Many people know and love October for the Autumn feeling and Halloween holiday. Several people say that it's their favorite time of year. Who does not enjoy jumping in leaves or preparing for the year's spookiest holiday?
Well, we do! However, we also wanted to point out that tis' the season for National Substance Use Prevention Month.
What is Substance Use Prevention Month?
Made a national event in 2017, National Substance Use Prevention Month (technically Substance Abuse Prevention Month) is a month-long event about preventing people from developing substance use disorder, acknowledging the role of family support, encouraging treatment, and spreading awareness for those seeking or in recovery. This goal is achieved through education and programs in communities, online or in-person (of course, with the ongoing Covid-19 pandemic, online is the best option for this). Since it is not the main focus of October for many, it is important to spread awareness about this event to meet its goals and make it more popular. Three goals for everyone for this event should be learning about substance use prevention, pushing out facts, and changing the language they use.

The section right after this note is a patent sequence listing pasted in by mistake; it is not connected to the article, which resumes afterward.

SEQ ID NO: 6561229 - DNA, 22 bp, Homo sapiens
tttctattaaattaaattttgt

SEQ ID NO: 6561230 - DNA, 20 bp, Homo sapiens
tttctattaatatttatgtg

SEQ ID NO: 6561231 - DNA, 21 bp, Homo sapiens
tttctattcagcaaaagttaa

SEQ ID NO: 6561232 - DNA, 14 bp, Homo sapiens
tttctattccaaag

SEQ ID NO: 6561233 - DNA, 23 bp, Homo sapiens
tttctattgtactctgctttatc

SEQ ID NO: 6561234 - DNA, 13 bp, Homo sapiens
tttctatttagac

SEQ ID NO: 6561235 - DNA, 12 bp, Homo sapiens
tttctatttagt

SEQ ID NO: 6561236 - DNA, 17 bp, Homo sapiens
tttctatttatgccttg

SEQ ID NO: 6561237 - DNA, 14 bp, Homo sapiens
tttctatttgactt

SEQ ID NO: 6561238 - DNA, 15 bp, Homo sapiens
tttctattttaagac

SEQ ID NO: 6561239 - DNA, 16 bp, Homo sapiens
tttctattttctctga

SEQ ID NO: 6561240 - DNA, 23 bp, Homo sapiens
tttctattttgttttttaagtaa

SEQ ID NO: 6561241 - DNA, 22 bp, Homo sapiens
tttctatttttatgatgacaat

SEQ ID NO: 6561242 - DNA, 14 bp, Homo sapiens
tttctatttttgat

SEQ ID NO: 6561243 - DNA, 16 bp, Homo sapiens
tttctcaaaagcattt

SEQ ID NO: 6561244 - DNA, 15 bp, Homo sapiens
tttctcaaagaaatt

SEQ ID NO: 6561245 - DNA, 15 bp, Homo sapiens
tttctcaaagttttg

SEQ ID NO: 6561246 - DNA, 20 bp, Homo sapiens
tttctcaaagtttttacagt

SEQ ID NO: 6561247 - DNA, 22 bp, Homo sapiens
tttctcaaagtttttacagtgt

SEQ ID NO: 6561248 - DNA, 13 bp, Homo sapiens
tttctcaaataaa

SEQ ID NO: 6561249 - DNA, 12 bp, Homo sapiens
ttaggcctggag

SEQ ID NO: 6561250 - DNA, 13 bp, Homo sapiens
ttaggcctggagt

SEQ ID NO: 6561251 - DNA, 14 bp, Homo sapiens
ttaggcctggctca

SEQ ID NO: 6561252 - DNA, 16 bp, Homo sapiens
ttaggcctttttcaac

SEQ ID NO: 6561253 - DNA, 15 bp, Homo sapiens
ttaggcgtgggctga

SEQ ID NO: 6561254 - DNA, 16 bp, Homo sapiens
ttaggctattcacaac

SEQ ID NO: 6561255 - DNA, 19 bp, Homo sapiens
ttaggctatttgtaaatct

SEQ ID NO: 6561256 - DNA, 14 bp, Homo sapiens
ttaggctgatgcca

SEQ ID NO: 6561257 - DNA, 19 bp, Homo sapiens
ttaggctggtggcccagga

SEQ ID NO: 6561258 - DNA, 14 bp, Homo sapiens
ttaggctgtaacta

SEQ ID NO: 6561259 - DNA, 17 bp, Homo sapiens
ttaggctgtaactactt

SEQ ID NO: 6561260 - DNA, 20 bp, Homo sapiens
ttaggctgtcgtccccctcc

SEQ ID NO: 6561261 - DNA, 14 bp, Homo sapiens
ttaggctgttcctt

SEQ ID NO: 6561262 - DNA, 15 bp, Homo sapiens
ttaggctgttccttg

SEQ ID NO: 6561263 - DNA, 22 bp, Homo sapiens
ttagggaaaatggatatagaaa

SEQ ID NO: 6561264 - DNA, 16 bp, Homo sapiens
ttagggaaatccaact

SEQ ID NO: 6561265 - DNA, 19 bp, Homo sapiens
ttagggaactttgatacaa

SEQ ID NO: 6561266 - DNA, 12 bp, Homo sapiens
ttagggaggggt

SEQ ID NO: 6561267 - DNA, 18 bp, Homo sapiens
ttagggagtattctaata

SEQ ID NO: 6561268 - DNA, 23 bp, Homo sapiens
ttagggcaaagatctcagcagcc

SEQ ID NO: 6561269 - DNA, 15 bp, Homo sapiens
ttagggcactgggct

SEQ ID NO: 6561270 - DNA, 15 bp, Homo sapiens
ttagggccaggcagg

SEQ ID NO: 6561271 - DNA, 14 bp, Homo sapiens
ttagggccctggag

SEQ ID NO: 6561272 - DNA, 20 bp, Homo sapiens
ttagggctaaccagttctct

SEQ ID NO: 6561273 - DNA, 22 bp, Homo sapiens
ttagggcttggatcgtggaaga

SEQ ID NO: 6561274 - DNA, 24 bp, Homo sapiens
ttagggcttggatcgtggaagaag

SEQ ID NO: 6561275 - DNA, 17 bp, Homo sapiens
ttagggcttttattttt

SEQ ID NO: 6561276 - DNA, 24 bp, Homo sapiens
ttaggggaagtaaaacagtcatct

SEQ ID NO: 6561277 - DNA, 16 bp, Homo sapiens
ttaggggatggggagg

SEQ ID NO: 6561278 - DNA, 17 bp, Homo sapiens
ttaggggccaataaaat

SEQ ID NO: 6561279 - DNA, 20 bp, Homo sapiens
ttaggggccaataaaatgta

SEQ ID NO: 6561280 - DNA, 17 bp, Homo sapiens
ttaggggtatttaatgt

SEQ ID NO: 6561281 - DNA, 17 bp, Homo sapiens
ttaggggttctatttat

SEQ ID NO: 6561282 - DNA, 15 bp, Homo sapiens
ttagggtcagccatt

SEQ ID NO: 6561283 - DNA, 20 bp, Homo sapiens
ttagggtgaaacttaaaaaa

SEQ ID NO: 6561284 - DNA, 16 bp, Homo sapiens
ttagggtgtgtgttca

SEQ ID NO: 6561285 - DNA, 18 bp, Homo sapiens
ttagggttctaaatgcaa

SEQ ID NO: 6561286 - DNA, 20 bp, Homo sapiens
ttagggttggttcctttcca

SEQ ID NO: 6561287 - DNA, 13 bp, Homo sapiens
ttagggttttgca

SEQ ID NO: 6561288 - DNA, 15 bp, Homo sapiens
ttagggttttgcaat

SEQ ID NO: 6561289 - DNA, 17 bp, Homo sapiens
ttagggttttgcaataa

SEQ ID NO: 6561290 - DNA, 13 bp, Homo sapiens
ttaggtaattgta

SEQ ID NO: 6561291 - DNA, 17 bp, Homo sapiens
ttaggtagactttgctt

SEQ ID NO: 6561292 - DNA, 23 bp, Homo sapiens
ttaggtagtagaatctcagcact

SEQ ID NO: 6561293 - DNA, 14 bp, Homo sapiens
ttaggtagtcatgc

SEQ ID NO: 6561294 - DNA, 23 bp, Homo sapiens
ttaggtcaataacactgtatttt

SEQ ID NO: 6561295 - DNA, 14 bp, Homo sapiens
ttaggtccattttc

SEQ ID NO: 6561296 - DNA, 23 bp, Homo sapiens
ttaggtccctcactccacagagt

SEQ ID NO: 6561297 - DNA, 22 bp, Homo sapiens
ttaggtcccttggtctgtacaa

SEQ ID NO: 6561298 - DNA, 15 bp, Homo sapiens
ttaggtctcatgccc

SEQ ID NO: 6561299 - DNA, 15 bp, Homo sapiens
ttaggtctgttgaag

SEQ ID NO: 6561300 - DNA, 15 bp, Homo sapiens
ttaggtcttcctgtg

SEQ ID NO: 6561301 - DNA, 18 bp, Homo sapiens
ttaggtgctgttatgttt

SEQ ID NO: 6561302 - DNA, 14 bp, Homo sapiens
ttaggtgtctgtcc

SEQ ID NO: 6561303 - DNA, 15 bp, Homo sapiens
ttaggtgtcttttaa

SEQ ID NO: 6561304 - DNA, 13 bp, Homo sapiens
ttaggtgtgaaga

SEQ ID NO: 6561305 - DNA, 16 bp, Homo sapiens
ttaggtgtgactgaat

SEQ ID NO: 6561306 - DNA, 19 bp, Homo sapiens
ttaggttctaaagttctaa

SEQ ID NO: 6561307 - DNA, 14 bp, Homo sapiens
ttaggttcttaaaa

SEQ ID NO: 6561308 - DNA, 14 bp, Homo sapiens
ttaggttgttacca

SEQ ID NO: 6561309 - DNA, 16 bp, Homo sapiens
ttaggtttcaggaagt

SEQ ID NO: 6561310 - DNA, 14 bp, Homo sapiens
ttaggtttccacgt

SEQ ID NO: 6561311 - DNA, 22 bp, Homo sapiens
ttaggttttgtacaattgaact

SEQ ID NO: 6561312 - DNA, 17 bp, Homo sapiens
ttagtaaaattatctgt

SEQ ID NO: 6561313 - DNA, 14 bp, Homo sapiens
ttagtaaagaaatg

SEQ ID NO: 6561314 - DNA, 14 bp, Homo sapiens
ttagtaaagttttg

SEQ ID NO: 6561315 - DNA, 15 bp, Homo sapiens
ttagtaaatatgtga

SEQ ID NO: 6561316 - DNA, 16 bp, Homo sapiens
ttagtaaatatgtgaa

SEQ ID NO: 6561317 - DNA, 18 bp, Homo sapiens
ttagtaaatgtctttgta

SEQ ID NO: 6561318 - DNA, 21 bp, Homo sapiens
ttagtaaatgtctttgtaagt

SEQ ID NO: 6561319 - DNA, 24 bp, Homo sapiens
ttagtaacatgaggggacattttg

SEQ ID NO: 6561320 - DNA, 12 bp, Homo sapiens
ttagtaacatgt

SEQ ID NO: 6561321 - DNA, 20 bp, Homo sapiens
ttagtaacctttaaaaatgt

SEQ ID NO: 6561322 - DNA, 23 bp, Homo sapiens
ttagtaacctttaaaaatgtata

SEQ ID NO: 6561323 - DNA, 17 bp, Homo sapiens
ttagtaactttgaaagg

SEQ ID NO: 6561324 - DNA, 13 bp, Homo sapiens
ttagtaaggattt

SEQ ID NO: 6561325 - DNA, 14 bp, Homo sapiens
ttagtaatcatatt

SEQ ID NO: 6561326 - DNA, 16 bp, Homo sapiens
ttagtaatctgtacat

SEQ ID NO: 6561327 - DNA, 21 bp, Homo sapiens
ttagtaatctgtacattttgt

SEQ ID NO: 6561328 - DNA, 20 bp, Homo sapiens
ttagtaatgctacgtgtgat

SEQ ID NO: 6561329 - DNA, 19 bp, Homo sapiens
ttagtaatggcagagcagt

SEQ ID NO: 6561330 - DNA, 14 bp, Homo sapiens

Before we go any further, we do want to touch on that last point.
1st Thing You Should Know: Why Say "Use" not "Abuse"?
In the Recovery Community, it is a known fact that certain words and phrases can be helpful or harmful to someone's path to recovery. Particular terms like "abuse," "abuser," "alcoholic," or "drug addict" can be especially harmful. Put another way, if people combating substance abuse disorder (SUD) are addressed as abusers or other derogatory phrases, they'll feel guilty and ashamed instead of feeling encouraged and emboldened.
Several recovery programs and other organizations have covered this issue.